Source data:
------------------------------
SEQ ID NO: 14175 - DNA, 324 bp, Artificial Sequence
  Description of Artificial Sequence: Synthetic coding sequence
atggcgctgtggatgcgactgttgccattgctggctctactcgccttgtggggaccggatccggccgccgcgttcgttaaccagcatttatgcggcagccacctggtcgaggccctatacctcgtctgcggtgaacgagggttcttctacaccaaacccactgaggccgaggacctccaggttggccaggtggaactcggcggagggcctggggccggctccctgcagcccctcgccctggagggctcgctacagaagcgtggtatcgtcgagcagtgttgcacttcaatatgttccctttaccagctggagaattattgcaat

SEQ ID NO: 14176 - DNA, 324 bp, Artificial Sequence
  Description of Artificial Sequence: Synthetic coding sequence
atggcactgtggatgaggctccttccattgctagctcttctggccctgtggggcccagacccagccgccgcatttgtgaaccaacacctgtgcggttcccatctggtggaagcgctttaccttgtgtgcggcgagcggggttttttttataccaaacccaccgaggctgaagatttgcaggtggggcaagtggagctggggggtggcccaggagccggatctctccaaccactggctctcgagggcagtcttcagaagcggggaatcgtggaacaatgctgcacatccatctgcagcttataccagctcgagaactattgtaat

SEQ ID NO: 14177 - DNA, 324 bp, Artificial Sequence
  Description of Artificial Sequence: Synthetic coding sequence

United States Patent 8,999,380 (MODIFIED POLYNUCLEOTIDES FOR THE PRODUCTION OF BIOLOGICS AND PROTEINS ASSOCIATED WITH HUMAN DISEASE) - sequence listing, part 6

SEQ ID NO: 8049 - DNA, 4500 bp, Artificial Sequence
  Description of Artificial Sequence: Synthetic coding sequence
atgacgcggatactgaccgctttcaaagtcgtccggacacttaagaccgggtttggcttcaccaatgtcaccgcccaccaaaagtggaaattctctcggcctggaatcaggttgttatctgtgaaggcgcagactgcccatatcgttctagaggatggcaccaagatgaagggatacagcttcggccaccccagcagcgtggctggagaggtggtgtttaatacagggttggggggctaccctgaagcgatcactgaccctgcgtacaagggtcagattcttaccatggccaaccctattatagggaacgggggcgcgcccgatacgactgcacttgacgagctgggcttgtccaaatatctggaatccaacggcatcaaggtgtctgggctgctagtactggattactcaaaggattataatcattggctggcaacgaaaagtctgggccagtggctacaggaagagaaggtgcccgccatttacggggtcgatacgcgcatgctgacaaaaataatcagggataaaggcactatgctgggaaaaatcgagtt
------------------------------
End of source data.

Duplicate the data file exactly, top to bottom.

SEQ ID NO: 14175 - DNA, 324 bp, Artificial Sequence
  Description of Artificial Sequence: Synthetic coding sequence
atggcgctgtggatgcgactgttgccattgctggctctactcgccttgtggggaccggatccggccgccgcgttcgttaaccagcatttatgcggcagccacctggtcgaggccctatacctcgtctgcggtgaacgagggttcttctacaccaaacccactgaggccgaggacctccaggttggccaggtggaactcggcggagggcctggggccggctccctgcagcccctcgccctggagggctcgctacagaagcgtggtatcgtcgagcagtgttgcacttcaatatgttccctttaccagctggagaattattgcaat

SEQ ID NO: 14176 - DNA, 324 bp, Artificial Sequence
  Description of Artificial Sequence: Synthetic coding sequence
atggcactgtggatgaggctccttccattgctagctcttctggccctgtggggcccagacccagccgccgcatttgtgaaccaacacctgtgcggttcccatctggtggaagcgctttaccttgtgtgcggcgagcggggttttttttataccaaacccaccgaggctgaagatttgcaggtggggcaagtggagctggggggtggcccaggagccggatctctccaaccactggctctcgagggcagtcttcagaagcggggaatcgtggaacaatgctgcacatccatctgcagcttataccagctcgagaactattgtaat

SEQ ID NO: 14177 - DNA, 324 bp, Artificial Sequence
  Description of Artificial Sequence: Synthetic coding sequence

United States Patent 8,999,380 (MODIFIED POLYNUCLEOTIDES FOR THE PRODUCTION OF BIOLOGICS AND PROTEINS ASSOCIATED WITH HUMAN DISEASE) - sequence listing, part 6

SEQ ID NO: 8049 - DNA, 4500 bp, Artificial Sequence
  Description of Artificial Sequence: Synthetic coding sequence
atgacgcggatactgaccgctttcaaagtcgtccggacacttaagaccgggtttggcttcaccaatgtcaccgcccaccaaaagtggaaattctctcggcctggaatcaggttgttatctgtgaaggcgcagactgcccatatcgttctagaggatggcaccaagatgaagggatacagcttcggccaccccagcagcgtggctggagaggtggtgtttaatacagggttggggggctaccctgaagcgatcactgaccctgcgtacaagggtcagattcttaccatggccaaccctattatagggaacgggggcgcgcccgatacgactgcacttgacgagctgggcttgtccaaatatctggaatccaacggcatcaaggtgtctgggctgctagtactggattactcaaaggattataatcattggctggcaacgaaaagtctgggccagtggctacaggaagagaaggtgcccgccatttacggggtcgatacgcgcatgctgacaaaaataatcagggataaaggcactatgctgggaaaaatcgagtt